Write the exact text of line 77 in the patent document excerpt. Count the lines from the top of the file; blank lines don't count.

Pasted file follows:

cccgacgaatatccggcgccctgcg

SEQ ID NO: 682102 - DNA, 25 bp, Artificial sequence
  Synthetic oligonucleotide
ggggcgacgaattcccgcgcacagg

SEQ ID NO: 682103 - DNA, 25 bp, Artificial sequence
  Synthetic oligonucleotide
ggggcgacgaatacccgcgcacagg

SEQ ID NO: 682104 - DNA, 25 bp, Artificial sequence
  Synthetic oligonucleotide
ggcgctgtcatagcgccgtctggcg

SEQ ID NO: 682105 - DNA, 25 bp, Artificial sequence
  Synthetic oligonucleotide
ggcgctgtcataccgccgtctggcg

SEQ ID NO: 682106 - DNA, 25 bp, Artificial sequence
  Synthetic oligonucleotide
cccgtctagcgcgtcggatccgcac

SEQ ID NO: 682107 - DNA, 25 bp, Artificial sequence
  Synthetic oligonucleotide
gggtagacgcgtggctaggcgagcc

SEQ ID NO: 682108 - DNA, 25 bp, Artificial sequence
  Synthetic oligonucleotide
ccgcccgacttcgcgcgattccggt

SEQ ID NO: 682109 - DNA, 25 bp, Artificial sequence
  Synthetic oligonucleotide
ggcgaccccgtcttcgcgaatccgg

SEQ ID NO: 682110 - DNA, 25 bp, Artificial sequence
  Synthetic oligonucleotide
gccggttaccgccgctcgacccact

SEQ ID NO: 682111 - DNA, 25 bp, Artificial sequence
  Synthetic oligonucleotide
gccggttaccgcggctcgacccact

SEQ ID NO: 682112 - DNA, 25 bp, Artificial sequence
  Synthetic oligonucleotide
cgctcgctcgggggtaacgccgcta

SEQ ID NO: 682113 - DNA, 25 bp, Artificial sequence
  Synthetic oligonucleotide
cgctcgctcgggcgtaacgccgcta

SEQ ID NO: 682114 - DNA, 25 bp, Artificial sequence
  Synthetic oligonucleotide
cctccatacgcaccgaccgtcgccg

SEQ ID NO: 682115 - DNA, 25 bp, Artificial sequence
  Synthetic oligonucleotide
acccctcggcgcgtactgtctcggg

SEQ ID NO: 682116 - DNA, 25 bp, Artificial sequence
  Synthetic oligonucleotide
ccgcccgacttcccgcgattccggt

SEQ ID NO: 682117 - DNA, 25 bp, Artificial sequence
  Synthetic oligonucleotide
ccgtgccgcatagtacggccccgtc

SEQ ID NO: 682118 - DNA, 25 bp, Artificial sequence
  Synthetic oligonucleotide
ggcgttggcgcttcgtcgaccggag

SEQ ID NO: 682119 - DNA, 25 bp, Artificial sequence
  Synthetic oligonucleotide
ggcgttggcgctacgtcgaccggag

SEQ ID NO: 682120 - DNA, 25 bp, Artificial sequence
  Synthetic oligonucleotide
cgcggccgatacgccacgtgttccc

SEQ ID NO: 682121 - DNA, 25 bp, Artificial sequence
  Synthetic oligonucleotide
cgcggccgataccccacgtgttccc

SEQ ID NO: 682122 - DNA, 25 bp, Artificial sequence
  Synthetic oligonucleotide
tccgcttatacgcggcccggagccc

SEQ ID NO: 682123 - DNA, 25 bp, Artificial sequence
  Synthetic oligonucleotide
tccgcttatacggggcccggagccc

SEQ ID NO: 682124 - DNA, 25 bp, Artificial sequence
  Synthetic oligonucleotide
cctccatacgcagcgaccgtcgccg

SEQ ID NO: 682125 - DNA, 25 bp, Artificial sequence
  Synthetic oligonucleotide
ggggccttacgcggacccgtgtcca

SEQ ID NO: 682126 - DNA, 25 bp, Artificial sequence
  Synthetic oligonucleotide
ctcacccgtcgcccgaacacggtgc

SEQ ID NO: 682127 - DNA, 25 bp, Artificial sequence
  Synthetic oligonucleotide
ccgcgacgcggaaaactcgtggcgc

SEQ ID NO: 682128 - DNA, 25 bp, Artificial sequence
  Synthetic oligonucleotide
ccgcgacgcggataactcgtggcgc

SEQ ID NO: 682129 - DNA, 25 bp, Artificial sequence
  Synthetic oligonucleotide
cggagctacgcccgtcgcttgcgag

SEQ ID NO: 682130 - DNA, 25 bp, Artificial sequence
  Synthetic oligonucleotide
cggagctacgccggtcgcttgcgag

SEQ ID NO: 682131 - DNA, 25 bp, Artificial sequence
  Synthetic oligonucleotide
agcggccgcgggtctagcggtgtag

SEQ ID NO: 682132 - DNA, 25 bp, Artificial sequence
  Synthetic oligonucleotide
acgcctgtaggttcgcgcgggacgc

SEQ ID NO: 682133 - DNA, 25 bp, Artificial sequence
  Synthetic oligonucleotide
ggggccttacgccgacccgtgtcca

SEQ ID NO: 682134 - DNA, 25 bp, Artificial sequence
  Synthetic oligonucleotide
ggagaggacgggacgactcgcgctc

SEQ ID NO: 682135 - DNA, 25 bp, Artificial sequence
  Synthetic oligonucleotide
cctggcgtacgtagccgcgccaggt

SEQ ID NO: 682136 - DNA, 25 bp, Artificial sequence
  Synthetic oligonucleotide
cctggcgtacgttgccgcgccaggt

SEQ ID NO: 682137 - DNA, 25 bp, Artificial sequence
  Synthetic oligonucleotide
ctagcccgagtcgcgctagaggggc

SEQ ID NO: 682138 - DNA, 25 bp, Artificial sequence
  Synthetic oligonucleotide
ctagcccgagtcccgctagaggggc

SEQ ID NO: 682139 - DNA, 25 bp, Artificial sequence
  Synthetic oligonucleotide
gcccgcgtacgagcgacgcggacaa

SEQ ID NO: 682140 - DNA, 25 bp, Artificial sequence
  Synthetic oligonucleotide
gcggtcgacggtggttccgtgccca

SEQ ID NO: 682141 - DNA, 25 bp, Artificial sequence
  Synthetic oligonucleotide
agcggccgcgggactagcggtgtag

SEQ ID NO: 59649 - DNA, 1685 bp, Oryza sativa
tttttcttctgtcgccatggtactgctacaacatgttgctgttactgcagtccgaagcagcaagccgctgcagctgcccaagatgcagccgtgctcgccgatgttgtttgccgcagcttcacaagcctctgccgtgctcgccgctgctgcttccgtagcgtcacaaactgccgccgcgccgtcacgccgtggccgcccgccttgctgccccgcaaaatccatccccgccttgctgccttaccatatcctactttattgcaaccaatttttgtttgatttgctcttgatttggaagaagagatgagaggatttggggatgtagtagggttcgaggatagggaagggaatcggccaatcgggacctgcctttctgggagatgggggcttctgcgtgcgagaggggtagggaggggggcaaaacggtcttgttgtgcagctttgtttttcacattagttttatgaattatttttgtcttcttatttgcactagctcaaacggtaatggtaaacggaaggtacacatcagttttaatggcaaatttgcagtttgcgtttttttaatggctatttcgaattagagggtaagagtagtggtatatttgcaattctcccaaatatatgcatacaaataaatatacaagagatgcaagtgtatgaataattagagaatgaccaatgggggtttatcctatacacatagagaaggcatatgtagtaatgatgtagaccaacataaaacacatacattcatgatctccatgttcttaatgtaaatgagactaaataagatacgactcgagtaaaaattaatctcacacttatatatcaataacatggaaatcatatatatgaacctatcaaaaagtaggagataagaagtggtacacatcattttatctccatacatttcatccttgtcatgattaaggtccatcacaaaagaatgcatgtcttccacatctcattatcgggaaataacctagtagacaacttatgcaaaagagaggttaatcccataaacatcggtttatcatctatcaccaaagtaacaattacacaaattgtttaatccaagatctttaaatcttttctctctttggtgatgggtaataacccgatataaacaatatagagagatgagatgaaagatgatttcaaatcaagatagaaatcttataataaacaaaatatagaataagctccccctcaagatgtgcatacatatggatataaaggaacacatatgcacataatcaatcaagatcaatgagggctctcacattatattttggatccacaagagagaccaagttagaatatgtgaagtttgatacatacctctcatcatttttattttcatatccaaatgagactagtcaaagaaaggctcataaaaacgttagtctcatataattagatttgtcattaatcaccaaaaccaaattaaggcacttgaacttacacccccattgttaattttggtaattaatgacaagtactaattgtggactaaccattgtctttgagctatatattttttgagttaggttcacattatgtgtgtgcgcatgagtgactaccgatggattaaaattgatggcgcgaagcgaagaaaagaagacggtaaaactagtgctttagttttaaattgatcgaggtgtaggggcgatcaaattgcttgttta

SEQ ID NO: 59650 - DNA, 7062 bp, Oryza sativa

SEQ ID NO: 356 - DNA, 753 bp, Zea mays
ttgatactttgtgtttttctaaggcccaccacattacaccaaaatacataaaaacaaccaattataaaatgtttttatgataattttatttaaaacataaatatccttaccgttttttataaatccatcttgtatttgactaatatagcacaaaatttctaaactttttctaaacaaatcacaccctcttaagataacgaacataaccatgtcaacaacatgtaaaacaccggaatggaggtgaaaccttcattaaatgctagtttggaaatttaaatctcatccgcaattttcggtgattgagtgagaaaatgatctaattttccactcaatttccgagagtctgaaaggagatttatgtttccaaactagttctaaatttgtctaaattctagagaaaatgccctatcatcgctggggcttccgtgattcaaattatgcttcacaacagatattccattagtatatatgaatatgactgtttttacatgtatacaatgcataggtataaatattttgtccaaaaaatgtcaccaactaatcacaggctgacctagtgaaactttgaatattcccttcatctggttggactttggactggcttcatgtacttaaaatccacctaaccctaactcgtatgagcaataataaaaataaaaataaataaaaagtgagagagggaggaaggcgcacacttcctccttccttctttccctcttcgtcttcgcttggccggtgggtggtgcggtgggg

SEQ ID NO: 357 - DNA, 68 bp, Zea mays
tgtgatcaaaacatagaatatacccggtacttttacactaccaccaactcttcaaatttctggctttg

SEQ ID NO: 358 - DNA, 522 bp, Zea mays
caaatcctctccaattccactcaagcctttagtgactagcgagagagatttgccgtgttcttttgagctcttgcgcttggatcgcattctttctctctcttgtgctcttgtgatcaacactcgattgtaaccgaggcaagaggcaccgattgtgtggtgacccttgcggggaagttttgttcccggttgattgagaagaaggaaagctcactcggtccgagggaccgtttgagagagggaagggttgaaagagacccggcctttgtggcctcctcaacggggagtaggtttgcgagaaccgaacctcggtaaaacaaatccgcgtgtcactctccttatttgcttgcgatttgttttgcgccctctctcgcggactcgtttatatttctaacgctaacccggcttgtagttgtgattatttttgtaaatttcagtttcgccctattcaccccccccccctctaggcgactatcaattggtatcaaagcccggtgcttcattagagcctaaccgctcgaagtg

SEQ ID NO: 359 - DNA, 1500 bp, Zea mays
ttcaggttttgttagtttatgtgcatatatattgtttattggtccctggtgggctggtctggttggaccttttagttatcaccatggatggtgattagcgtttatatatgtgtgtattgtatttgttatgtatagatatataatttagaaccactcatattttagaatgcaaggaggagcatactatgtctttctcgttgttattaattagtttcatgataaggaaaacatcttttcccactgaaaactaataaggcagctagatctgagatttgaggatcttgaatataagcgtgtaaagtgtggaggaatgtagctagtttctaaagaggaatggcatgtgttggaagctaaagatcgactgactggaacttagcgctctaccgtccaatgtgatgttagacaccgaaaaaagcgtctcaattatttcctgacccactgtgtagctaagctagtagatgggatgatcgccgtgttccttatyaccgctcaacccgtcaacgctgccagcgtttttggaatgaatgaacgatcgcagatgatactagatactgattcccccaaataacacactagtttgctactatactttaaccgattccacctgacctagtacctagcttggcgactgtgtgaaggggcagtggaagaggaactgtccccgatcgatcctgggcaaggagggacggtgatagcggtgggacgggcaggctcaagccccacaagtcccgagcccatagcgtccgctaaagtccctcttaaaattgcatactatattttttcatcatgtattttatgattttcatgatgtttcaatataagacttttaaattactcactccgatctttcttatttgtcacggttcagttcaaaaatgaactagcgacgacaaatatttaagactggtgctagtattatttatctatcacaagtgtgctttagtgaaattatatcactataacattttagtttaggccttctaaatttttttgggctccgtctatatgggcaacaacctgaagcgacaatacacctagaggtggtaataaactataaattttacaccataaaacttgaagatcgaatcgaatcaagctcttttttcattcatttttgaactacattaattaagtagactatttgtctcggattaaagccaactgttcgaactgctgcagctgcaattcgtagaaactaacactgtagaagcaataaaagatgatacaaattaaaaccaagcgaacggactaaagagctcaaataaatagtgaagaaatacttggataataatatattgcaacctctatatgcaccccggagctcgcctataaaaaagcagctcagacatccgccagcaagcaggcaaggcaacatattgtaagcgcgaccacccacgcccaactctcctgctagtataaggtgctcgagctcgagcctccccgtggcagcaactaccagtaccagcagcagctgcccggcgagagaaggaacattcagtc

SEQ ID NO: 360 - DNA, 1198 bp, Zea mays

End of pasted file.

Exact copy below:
SEQ ID NO: 682127 - DNA, 25 bp, Artificial sequence